A condemning portrait of human health risks associated with importing Canadian cattle into the U.S. was painted in broad strokes yesterday. Two prominent U.S. "consumer" groups announced they're joining the Cattlemen's Competitive Market Project (CCMP) in filing a friend-of-the-court brief supporting R-CALF-USA's position in the U.S. Court of Appeals for the Ninth Circuit defending a lower court's ruling that the Canadian border must remain closed to live cattle.

Public Citizen (PC) and the Consumer Federation of America (CFA) joined CCMP representatives and David Domina, an attorney representing R-CALF, in a press teleconference explaining their grounds for opposing the reopening of the border. They claim USDA has ignored scientific evidence of BSE transmission and related risks associated with importing Canadian cattle.

Ken Knuppe, a Buffalo Gap, SD, rancher representing CCMP stakeholder organizations, including R-CALF, says live cattle imports from Canada represent an unnecessary risk of introducing BSE into the U.S. He says the U.S. has a large enough supply of cattle that it can meet its own consumption needs without importing cattle or beef from a country "known to have BSE."

CFA spokesperson Chris Waldrop says USDA has failed to protect U.S. beef consumers from BSE by establishing regulations and enforcement that are "little more than promise and paper checks." He says the USDA rule on specified risk material (SRM) removal is inadequate and BSE-infected materials are being fed to cattle in the U.S.

During the teleconference Domina and others representing the coalition supporting R-CALF introduced uncorroborated information about BSE and its associated risks to humans:

  • That there exists a "mathematically inescapable conclusion establishing a certain likelihood that BSE will be vectored into the U.S." within a year of resuming cattle imports from Canada.
  • That BSE is "100% lethal to humans"-- and that "anyone who comes in contact with it will die."
  • That the death of "a man in Kentucky" who recently contracted variant Creutzfeldt-Jakob Disease linked to a "bovine blood-based hormonal treatment" has been covered up by the U.S. government and was never reported by the press.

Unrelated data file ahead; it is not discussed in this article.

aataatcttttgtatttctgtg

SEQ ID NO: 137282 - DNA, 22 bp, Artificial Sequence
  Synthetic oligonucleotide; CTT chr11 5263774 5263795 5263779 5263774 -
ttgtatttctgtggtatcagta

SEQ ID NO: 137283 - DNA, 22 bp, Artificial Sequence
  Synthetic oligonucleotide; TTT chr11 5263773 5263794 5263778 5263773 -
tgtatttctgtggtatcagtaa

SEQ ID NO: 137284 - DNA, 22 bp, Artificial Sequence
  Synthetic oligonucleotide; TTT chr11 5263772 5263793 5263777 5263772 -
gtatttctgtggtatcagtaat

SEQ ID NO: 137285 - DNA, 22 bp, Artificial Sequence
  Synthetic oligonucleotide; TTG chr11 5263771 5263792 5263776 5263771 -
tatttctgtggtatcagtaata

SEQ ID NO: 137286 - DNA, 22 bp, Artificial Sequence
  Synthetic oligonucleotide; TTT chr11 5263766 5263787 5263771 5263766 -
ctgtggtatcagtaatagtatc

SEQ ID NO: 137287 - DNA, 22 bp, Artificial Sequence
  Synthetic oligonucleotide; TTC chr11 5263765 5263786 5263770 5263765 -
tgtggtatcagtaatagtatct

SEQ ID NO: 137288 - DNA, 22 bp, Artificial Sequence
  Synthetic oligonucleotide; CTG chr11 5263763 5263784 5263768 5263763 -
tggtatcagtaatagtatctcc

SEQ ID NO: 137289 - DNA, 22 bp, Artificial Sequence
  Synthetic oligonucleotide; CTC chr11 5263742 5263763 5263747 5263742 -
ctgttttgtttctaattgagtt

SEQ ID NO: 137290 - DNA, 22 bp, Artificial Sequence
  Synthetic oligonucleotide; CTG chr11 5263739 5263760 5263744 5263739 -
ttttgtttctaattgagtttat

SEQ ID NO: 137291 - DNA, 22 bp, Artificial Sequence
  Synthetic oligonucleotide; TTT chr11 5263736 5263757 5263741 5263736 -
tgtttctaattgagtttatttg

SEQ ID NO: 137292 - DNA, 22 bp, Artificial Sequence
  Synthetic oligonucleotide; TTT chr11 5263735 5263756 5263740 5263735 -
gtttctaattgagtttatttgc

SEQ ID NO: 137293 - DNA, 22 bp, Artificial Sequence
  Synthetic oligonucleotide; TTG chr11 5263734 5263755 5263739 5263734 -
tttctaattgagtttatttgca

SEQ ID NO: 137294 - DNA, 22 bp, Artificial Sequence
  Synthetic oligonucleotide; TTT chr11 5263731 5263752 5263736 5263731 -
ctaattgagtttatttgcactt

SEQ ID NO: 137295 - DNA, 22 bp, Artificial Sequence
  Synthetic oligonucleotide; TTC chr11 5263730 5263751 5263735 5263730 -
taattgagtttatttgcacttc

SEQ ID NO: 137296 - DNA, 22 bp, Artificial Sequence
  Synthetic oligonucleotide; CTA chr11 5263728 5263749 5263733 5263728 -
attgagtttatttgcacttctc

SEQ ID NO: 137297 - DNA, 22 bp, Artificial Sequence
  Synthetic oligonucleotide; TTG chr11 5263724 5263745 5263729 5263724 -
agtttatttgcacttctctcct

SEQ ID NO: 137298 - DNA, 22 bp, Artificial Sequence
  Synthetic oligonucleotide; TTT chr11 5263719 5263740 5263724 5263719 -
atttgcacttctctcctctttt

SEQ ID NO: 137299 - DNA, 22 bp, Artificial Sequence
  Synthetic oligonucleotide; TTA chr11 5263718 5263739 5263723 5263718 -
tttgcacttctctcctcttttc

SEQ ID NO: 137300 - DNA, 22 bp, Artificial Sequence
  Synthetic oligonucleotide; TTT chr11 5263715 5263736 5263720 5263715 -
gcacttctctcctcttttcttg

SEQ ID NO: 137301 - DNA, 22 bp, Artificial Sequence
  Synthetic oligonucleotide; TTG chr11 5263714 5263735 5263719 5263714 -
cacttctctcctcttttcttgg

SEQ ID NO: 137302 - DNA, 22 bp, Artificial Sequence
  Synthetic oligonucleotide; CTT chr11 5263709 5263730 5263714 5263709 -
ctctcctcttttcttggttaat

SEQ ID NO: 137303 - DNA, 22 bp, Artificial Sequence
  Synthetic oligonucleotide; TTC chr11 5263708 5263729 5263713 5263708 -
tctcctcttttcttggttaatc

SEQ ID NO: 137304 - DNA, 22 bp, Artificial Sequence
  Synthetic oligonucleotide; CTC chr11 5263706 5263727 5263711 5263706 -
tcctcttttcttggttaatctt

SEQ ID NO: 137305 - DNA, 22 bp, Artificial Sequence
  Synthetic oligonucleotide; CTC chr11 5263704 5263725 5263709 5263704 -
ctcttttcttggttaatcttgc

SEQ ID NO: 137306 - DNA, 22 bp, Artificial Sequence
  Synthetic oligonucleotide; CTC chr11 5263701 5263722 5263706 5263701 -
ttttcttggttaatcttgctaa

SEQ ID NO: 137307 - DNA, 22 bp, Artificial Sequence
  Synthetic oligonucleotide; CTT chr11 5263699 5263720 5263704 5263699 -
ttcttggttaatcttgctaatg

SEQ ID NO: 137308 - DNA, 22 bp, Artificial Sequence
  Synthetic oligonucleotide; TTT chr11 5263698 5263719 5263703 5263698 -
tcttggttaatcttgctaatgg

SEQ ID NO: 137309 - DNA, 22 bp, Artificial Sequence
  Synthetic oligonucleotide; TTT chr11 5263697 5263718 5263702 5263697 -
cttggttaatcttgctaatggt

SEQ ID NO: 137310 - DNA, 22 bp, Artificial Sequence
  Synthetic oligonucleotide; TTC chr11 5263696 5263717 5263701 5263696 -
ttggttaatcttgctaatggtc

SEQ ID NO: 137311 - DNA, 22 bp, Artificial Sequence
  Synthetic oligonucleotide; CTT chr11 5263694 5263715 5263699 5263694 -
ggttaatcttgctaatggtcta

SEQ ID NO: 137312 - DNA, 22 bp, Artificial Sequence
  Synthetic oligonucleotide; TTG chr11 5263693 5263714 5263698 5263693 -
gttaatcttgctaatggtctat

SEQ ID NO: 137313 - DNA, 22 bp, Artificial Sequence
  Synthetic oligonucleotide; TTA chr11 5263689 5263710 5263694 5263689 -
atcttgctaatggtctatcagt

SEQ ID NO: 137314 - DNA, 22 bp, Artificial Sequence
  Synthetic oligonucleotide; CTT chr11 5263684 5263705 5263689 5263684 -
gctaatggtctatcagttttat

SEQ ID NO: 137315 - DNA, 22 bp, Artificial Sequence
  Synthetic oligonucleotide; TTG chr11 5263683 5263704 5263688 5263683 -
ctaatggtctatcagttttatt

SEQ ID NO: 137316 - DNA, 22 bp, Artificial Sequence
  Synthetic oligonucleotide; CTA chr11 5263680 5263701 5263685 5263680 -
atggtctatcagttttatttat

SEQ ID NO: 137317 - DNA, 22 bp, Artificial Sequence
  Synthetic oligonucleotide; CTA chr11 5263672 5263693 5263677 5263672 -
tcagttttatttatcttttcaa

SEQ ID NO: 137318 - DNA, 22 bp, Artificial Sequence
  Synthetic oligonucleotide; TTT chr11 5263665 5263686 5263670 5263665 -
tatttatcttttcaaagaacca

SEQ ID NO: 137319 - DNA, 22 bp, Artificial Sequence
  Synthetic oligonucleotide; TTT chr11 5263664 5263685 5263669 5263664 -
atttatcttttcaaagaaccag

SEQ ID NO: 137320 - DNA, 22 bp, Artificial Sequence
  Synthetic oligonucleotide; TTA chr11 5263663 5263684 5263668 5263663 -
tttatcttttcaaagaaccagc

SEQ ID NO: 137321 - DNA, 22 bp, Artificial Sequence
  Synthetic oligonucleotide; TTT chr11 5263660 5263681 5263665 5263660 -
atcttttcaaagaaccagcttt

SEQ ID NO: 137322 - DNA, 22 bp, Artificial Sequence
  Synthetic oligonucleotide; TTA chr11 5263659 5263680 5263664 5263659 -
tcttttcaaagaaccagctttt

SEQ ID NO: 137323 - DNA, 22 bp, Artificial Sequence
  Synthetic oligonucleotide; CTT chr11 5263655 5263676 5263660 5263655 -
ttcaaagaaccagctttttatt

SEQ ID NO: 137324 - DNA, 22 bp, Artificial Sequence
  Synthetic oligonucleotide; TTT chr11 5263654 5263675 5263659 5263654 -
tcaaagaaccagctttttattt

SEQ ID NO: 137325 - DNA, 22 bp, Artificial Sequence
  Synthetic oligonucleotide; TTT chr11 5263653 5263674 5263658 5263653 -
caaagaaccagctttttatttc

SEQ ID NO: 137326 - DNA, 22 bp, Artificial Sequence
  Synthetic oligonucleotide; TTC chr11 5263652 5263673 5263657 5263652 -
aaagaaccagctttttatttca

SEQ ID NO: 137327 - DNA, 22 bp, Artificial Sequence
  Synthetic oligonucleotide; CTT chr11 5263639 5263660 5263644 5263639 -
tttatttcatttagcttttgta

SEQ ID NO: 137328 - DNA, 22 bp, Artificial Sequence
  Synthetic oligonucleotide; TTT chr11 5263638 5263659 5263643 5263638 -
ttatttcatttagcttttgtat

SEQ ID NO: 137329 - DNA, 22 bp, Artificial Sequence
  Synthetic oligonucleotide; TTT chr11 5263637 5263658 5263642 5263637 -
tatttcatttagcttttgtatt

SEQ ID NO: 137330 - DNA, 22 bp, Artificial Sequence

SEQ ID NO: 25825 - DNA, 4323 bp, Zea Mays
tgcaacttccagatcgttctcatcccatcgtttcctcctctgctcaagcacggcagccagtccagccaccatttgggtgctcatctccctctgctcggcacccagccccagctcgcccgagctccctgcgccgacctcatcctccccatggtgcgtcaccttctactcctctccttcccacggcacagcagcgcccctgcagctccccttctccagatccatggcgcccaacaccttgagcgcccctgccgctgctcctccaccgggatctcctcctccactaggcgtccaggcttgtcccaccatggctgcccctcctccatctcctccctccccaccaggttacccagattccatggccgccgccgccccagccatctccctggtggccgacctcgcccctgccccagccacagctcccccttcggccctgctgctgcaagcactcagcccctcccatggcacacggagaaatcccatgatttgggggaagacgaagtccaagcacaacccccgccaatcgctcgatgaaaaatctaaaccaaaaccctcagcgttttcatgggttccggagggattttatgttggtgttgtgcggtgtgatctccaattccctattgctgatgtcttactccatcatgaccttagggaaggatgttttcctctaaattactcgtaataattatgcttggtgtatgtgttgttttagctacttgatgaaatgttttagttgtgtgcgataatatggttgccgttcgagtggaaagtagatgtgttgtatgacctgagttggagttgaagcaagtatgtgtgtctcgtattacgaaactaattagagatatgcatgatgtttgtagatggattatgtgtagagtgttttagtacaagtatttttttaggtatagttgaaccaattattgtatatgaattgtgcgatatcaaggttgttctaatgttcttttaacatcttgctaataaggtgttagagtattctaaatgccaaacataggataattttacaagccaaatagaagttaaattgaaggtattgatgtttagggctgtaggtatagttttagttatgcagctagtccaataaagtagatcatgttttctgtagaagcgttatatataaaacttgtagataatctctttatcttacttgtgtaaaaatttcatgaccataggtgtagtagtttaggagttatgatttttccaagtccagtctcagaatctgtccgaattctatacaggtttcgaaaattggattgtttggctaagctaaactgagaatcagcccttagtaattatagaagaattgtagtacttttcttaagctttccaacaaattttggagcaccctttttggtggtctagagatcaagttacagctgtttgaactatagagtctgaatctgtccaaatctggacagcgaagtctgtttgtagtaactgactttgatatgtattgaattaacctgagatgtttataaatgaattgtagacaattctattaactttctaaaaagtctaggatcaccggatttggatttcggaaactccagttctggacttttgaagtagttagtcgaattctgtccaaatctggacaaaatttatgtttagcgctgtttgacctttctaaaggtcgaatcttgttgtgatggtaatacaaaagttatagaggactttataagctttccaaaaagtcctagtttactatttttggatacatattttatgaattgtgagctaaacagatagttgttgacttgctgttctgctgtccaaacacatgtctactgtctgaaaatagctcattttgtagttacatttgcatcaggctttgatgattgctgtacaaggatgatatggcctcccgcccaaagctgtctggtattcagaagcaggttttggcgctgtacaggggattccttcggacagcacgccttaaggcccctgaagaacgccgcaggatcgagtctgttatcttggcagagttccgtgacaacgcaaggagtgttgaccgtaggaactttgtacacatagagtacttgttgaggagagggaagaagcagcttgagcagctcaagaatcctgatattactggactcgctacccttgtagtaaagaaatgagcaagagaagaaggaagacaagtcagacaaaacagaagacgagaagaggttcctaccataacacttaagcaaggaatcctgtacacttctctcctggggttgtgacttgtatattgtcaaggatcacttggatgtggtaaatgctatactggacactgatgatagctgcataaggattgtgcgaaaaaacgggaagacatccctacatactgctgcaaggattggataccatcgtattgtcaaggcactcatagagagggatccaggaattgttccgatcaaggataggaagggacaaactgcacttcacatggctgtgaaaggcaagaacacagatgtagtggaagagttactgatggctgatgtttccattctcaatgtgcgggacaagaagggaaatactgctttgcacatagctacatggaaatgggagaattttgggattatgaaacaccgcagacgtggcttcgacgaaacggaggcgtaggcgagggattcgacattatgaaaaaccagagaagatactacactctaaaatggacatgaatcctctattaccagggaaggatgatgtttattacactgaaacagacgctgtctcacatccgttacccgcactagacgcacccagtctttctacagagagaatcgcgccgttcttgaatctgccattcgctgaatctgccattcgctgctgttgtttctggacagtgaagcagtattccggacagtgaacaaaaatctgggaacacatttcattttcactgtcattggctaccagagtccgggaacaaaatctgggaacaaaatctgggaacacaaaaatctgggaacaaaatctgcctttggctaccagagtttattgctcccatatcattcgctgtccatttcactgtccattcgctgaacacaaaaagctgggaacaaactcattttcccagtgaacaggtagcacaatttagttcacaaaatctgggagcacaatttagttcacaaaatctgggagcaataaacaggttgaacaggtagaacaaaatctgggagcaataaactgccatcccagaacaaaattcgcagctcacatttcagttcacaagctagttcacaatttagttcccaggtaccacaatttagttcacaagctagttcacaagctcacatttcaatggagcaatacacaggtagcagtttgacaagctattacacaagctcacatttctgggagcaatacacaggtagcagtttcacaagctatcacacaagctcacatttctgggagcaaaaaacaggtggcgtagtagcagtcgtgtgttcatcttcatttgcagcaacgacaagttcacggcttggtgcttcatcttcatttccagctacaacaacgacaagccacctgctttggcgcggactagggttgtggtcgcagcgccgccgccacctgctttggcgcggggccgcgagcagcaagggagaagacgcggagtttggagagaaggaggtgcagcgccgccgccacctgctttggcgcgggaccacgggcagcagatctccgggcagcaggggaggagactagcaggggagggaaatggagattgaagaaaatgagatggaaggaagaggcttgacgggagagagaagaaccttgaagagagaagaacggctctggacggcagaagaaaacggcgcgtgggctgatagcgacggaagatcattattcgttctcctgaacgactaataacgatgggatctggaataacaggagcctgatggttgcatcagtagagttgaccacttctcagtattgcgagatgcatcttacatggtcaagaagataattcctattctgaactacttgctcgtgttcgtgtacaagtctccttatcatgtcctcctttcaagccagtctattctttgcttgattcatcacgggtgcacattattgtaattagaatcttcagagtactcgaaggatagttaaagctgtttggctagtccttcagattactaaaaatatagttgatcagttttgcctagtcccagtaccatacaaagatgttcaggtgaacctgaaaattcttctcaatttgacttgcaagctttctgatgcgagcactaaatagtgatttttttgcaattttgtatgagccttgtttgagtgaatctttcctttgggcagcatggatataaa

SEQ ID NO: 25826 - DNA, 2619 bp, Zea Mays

• That importing live cattle under 30 months of age poses more of a BSE threat than importing beef from the same animals.
Jim McAdams, president of the National Cattlemen's Beef Association, says these points are misleading and inaccurate. He says that because current USDA rules allow beef from cattle younger than 30 months of age to be imported, "cattle under 30 months of age are not a risk given the preventive measures that are in place in Canada and the U.S."

Additionally, he says, "No animals under this age category, or even close to this age, have been diagnosed with BSE in Canada or the U.S." Furthermore, NCBA says the BSE blood transmission claim isn't based in fact.

"The objective of these groups is clear -- to convince consumers that the U.S. beef supply is unsafe," McAdams says. "In today's media conference, these groups made no statements about Canada or even the USDA Rule. Rather, they attacked the U.S. beef supply and the people who produce it. And, to think, today, cattlemen groups like R-CALF and CCPM are giving them a platform to do so."

In a related news statement, R-CALF CEO Bill Bullard says, "USDA has not, and is not, doing enough to stop the potential spread of BSE from Canada into the U.S." He adds there's a consistent pattern and philosophy at USDA, "to de-emphasize its mission of protecting the health and safety of the U.S. livestock industry while the agency aggressively pursues the unregulated traditional trade models coveted by foreign governments and multi-national meatpackers alike."

The full CCMP brief is available online at www.competitivemarkets.com.

Meanwhile, the Ninth Circuit court has set July 13 (9 a.m. in Seattle) for oral arguments in USDA's appeal of the temporary injunction keeping the Canadian border closed to live cattle imports. The hearing will come two weeks prior to the trial in Judge Richard Cebull's District Court in Billings, MT, on the border reopening issue.